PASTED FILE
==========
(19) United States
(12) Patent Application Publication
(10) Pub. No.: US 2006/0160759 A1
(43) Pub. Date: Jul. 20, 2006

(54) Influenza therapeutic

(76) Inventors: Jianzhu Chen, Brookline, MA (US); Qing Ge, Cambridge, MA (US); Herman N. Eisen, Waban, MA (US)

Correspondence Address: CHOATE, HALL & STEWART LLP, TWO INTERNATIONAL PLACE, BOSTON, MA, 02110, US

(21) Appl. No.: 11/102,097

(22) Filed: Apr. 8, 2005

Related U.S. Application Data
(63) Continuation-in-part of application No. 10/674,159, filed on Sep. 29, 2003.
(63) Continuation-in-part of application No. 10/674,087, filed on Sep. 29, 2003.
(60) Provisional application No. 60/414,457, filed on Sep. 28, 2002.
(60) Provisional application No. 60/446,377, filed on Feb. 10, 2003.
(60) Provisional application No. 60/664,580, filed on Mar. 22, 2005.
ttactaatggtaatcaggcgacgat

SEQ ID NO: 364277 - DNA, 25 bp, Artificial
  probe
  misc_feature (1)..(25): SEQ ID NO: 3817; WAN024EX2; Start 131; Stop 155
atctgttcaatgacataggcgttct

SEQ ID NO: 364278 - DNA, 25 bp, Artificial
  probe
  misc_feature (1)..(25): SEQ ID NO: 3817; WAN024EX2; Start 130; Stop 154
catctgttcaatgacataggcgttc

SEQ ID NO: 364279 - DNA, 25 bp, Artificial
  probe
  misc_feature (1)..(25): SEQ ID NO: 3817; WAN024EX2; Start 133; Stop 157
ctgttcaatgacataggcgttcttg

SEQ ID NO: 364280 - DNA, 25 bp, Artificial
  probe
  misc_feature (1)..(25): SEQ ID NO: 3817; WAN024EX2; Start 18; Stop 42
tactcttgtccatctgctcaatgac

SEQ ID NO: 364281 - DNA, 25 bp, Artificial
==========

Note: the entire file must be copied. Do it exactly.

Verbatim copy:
(19) United States
(12) Patent Application Publication
(10) Pub. No.: US 2006/0160759 A1
(43) Pub. Date: Jul. 20, 2006

(54) Influenza therapeutic

(76) Inventors: Jianzhu Chen, Brookline, MA (US); Qing Ge, Cambridge, MA (US); Herman N. Eisen, Waban, MA (US)

Correspondence Address: CHOATE, HALL & STEWART LLP, TWO INTERNATIONAL PLACE, BOSTON, MA, 02110, US

(21) Appl. No.: 11/102,097

(22) Filed: Apr. 8, 2005

Related U.S. Application Data
(63) Continuation-in-part of application No. 10/674,159, filed on Sep. 29, 2003.
(63) Continuation-in-part of application No. 10/674,087, filed on Sep. 29, 2003.
(60) Provisional application No. 60/414,457, filed on Sep. 28, 2002.
(60) Provisional application No. 60/446,377, filed on Feb. 10, 2003.
(60) Provisional application No. 60/664,580, filed on Mar. 22, 2005.
ttactaatggtaatcaggcgacgat

SEQ ID NO: 364277 - DNA, 25 bp, Artificial
  probe
  misc_feature (1)..(25): SEQ ID NO: 3817; WAN024EX2; Start 131; Stop 155
atctgttcaatgacataggcgttct

SEQ ID NO: 364278 - DNA, 25 bp, Artificial
  probe
  misc_feature (1)..(25): SEQ ID NO: 3817; WAN024EX2; Start 130; Stop 154
catctgttcaatgacataggcgttc

SEQ ID NO: 364279 - DNA, 25 bp, Artificial
  probe
  misc_feature (1)..(25): SEQ ID NO: 3817; WAN024EX2; Start 133; Stop 157
ctgttcaatgacataggcgttcttg

SEQ ID NO: 364280 - DNA, 25 bp, Artificial
  probe
  misc_feature (1)..(25): SEQ ID NO: 3817; WAN024EX2; Start 18; Stop 42
tactcttgtccatctgctcaatgac

SEQ ID NO: 364281 - DNA, 25 bp, Artificial